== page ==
On the whole, we experienced more light winds than heavy winds, and had to beat more often than we might have liked. We are really glad our boat sails well in light winds because we HATE to motor. It's hot, noisy, smelly, expensive and it's bad for the environment. Plus we're on a sailboat for God's sake! The wind comes up eventually. The point of our lifestyle was to slow down, right? But seriously in seven years we faced some of everything, including typhoons and gales/storms. Fortunately we gradually worked our way up to higher winds rather than getting our asses kicked from the start. We never had to deploy a drogue, a sea anchor or the storm trisail, though we carried them. We'd had good practice racing boats for years and that was helpful experience. The toughest part of bad weather is when it comes up unexpectedly, especially when things aren't stowed or you're asleep. On many occasions while anchored, the wind shifted radically, putting us uncomfortably close to a lee shore when our engine was acting up. We got good at sailing in and out of anchorages. I think the most useful preparation for cruising we did was to live and cruise our boat locally before we left. That gave us a good feel for what worked and what didn't before we left behind the convenience of local resources, a car and a paycheck. Once we knew how our boat handled, bad weather didn't seem nearly as intimidating.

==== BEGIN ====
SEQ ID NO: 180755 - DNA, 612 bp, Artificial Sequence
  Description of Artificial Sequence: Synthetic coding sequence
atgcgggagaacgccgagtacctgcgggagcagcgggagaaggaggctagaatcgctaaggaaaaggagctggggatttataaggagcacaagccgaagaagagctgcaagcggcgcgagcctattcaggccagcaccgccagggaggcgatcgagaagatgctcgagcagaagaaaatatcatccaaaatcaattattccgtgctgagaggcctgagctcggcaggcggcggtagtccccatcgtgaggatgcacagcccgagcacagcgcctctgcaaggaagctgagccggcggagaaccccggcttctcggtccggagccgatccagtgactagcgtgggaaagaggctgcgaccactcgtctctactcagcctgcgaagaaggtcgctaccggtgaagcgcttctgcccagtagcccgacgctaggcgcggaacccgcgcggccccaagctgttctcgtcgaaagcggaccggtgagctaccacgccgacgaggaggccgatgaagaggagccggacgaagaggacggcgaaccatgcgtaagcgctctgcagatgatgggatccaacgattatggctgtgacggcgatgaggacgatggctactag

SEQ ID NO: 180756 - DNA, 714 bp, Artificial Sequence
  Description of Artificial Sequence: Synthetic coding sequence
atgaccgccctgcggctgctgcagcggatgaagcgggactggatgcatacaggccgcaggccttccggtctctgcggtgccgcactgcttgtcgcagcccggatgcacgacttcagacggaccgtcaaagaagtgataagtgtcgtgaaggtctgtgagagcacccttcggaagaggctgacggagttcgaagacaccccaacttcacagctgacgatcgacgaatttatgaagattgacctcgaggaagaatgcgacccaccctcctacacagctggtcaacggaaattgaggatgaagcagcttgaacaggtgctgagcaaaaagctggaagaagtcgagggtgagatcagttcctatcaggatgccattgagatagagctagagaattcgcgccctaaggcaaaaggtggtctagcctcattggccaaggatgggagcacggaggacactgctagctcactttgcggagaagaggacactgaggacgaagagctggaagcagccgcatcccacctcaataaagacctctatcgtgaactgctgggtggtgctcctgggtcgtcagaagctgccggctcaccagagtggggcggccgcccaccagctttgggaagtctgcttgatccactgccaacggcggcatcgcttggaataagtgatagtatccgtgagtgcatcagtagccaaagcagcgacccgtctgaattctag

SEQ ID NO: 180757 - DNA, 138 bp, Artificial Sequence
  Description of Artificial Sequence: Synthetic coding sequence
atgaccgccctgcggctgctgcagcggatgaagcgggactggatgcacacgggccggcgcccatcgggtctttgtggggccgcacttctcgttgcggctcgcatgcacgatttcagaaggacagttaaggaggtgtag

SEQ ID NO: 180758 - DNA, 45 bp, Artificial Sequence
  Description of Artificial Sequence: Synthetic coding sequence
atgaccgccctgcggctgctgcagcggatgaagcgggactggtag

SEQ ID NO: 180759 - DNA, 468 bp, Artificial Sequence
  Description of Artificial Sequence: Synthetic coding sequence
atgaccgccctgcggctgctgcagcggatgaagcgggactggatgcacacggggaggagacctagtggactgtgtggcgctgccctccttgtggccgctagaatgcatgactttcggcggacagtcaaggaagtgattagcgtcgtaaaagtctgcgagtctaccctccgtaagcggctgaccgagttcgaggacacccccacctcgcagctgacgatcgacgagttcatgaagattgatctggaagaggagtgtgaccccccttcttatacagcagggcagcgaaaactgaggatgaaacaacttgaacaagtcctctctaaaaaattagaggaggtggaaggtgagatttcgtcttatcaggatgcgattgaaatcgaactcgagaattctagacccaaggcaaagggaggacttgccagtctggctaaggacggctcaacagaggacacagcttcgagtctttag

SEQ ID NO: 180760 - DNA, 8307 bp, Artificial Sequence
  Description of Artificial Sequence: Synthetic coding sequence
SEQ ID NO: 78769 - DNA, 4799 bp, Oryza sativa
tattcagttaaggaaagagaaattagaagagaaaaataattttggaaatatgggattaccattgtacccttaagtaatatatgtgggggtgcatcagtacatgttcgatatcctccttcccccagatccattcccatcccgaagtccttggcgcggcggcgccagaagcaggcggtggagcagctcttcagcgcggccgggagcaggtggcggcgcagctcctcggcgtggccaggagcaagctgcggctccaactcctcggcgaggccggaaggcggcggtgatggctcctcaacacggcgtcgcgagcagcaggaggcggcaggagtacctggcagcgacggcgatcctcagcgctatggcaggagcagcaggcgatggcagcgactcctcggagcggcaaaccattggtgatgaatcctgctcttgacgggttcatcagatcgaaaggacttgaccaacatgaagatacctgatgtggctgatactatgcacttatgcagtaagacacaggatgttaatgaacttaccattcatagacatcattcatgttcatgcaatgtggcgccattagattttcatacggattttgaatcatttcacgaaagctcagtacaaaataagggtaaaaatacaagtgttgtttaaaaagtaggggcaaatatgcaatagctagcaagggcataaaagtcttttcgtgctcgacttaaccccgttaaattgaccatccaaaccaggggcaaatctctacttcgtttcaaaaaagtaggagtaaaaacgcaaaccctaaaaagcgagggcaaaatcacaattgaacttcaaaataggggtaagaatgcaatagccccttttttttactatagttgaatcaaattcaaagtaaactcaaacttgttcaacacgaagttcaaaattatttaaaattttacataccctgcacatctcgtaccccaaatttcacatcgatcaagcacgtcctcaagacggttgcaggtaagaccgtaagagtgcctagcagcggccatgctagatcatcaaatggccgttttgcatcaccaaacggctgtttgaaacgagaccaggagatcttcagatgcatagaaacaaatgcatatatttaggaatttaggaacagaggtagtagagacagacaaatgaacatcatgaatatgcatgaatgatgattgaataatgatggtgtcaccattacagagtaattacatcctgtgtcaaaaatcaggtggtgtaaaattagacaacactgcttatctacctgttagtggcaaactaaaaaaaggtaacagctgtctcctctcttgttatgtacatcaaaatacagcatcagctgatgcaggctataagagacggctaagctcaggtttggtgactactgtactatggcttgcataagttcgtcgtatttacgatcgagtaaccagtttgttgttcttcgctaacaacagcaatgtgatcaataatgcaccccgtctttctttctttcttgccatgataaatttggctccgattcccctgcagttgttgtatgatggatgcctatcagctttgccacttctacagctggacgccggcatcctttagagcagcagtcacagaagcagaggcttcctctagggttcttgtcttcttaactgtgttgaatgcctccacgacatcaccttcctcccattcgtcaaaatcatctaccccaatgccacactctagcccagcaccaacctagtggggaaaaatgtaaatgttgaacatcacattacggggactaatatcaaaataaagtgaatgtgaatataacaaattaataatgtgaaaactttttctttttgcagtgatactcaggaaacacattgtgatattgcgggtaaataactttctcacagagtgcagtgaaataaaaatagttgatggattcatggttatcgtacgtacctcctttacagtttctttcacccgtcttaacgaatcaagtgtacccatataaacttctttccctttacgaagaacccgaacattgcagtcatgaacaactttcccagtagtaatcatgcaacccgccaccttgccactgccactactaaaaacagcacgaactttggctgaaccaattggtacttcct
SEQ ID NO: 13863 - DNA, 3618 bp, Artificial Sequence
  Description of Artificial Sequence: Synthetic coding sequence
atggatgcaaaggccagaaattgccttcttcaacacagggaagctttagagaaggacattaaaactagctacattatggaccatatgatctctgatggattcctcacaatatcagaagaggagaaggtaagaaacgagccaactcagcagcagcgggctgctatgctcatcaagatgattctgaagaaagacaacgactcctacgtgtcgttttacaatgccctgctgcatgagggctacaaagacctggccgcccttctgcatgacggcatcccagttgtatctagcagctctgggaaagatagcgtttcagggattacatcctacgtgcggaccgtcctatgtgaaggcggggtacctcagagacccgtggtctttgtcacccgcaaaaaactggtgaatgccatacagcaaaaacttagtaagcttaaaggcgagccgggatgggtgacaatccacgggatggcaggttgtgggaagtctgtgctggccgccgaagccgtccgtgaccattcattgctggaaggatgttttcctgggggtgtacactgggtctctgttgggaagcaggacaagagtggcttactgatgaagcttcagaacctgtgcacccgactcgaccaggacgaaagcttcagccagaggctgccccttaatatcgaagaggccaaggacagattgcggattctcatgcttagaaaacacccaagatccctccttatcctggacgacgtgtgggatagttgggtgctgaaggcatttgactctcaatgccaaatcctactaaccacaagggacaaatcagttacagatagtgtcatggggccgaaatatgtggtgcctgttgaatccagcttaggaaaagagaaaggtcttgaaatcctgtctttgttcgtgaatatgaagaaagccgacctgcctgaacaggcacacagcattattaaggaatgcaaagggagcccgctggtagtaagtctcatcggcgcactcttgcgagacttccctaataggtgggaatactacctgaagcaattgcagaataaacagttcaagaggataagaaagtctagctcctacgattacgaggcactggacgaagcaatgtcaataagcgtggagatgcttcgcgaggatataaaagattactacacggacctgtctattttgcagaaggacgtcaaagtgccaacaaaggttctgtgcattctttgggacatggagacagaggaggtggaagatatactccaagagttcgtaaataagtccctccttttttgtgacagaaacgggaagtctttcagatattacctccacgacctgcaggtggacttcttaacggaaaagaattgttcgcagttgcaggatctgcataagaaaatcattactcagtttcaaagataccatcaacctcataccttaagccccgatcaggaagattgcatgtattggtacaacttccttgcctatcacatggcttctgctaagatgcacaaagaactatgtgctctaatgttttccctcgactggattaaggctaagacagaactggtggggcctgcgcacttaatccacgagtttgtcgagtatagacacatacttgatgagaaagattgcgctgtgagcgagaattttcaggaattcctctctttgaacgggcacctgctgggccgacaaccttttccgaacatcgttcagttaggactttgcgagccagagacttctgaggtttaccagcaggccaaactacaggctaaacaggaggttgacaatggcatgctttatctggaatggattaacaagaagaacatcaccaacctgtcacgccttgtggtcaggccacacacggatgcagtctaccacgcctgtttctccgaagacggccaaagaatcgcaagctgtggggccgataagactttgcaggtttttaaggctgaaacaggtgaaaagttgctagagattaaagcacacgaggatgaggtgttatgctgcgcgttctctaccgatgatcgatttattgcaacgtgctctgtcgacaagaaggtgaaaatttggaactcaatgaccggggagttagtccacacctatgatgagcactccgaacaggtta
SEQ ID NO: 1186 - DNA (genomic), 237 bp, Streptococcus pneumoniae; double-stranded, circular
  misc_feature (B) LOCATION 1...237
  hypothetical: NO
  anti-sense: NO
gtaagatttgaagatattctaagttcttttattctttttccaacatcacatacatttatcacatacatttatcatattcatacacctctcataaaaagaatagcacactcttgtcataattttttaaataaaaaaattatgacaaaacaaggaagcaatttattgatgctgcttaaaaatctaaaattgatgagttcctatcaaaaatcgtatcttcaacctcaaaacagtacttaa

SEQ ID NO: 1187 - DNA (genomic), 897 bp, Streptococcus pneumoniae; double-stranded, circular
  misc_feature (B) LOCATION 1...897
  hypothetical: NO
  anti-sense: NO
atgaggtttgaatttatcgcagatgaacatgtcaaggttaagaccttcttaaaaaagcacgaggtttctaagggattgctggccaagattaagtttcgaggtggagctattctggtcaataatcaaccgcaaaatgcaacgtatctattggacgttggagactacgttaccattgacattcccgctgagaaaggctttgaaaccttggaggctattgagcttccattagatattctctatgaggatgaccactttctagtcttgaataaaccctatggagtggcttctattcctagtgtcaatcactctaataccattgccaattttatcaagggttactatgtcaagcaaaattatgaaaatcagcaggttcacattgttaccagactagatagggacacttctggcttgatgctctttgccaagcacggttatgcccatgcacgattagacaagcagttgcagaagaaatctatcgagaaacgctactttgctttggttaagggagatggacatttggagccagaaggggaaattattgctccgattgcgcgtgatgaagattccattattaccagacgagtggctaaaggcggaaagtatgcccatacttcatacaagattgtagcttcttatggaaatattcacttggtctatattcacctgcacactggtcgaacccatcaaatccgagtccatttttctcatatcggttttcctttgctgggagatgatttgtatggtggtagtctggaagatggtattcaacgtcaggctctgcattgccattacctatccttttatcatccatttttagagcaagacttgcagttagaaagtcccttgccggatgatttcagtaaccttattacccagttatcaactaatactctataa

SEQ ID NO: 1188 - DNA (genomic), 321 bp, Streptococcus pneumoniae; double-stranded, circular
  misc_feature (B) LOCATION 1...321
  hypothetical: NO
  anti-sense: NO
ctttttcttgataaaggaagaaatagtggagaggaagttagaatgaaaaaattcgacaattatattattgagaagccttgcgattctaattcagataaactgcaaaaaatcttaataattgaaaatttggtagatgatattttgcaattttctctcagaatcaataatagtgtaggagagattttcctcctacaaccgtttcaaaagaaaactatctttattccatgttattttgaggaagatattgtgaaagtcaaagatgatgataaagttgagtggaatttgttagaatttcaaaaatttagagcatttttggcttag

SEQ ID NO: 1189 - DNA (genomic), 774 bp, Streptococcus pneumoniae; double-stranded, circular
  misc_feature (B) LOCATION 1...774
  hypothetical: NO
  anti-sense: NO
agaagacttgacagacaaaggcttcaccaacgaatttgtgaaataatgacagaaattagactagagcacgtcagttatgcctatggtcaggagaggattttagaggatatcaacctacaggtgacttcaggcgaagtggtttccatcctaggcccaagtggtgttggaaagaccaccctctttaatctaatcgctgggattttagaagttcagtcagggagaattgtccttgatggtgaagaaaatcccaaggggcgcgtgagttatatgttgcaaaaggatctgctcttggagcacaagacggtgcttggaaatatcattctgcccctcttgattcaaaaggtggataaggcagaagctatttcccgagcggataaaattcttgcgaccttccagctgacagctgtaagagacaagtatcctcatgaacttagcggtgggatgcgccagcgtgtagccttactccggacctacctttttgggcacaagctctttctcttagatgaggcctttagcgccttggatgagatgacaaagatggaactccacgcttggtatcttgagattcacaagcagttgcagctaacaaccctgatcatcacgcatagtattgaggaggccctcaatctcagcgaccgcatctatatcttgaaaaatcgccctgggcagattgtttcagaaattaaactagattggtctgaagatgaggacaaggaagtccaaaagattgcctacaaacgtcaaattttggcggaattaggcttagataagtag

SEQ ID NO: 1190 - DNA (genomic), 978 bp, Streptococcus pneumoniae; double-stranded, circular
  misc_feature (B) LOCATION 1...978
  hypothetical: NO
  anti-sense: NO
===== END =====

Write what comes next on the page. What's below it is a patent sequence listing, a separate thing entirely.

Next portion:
What do you dislike about cruising that surprised you?
I learned that Mother Nature was my new boss and that her favorite time of day for shenanigans is 3am. There's something tremendously unpleasant about reanchoring the "house" at 3am. I didn't mind doing laundry by hand, except for sheets; one sheet took up the entire bucket and that's more hand-wringing than I'm capable of. Another thing I found annoying is the perpetually wet butt I had after any dinghy ride, at least until Garth built a two part nesting/sailing dinghy. Take some diaper rash cream! Shorter passages are sometimes just as hard or harder than longer ones because it takes the first few days to get into the rhythm and after that it gets easier.